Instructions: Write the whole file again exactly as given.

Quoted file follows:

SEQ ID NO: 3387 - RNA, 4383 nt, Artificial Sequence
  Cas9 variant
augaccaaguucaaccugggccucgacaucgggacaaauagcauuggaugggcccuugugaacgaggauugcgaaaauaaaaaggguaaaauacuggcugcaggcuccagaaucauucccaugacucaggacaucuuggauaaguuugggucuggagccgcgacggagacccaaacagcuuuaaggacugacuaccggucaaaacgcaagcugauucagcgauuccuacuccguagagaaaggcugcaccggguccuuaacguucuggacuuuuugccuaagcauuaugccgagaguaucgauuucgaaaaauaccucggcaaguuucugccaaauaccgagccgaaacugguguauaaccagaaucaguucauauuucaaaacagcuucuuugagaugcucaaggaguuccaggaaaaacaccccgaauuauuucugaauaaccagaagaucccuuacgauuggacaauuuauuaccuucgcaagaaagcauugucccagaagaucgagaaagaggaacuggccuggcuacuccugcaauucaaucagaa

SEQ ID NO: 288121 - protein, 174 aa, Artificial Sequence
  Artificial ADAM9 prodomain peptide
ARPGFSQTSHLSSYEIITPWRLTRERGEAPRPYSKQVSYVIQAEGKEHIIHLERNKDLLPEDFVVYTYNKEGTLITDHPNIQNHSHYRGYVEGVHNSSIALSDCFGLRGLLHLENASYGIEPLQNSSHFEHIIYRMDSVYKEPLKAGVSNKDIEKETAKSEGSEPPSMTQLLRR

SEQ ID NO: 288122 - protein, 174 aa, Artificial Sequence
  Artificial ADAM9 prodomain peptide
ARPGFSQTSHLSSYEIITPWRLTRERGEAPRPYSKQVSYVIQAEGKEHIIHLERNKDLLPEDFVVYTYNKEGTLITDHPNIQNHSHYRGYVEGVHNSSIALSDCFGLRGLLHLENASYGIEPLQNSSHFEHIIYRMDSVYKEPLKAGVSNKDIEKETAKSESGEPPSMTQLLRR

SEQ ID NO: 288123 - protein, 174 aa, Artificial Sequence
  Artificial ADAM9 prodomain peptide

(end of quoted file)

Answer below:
SEQ ID NO: 3387 - RNA, 4383 nt, Artificial Sequence
  Cas9 variant
augaccaaguucaaccugggccucgacaucgggacaaauagcauuggaugggcccuugugaacgaggauugcgaaaauaaaaaggguaaaauacuggcugcaggcuccagaaucauucccaugacucaggacaucuuggauaaguuugggucuggagccgcgacggagacccaaacagcuuuaaggacugacuaccggucaaaacgcaagcugauucagcgauuccuacuccguagagaaaggcugcaccggguccuuaacguucuggacuuuuugccuaagcauuaugccgagaguaucgauuucgaaaaauaccucggcaaguuucugccaaauaccgagccgaaacugguguauaaccagaaucaguucauauuucaaaacagcuucuuugagaugcucaaggaguuccaggaaaaacaccccgaauuauuucugaauaaccagaagaucccuuacgauuggacaauuuauuaccuucgcaagaaagcauugucccagaagaucgagaaagaggaacuggccuggcuacuccugcaauucaaucagaa

SEQ ID NO: 288121 - protein, 174 aa, Artificial Sequence
  Artificial ADAM9 prodomain peptide
ARPGFSQTSHLSSYEIITPWRLTRERGEAPRPYSKQVSYVIQAEGKEHIIHLERNKDLLPEDFVVYTYNKEGTLITDHPNIQNHSHYRGYVEGVHNSSIALSDCFGLRGLLHLENASYGIEPLQNSSHFEHIIYRMDSVYKEPLKAGVSNKDIEKETAKSEGSEPPSMTQLLRR

SEQ ID NO: 288122 - protein, 174 aa, Artificial Sequence
  Artificial ADAM9 prodomain peptide
ARPGFSQTSHLSSYEIITPWRLTRERGEAPRPYSKQVSYVIQAEGKEHIIHLERNKDLLPEDFVVYTYNKEGTLITDHPNIQNHSHYRGYVEGVHNSSIALSDCFGLRGLLHLENASYGIEPLQNSSHFEHIIYRMDSVYKEPLKAGVSNKDIEKETAKSESGEPPSMTQLLRR

SEQ ID NO: 288123 - protein, 174 aa, Artificial Sequence
  Artificial ADAM9 prodomain peptide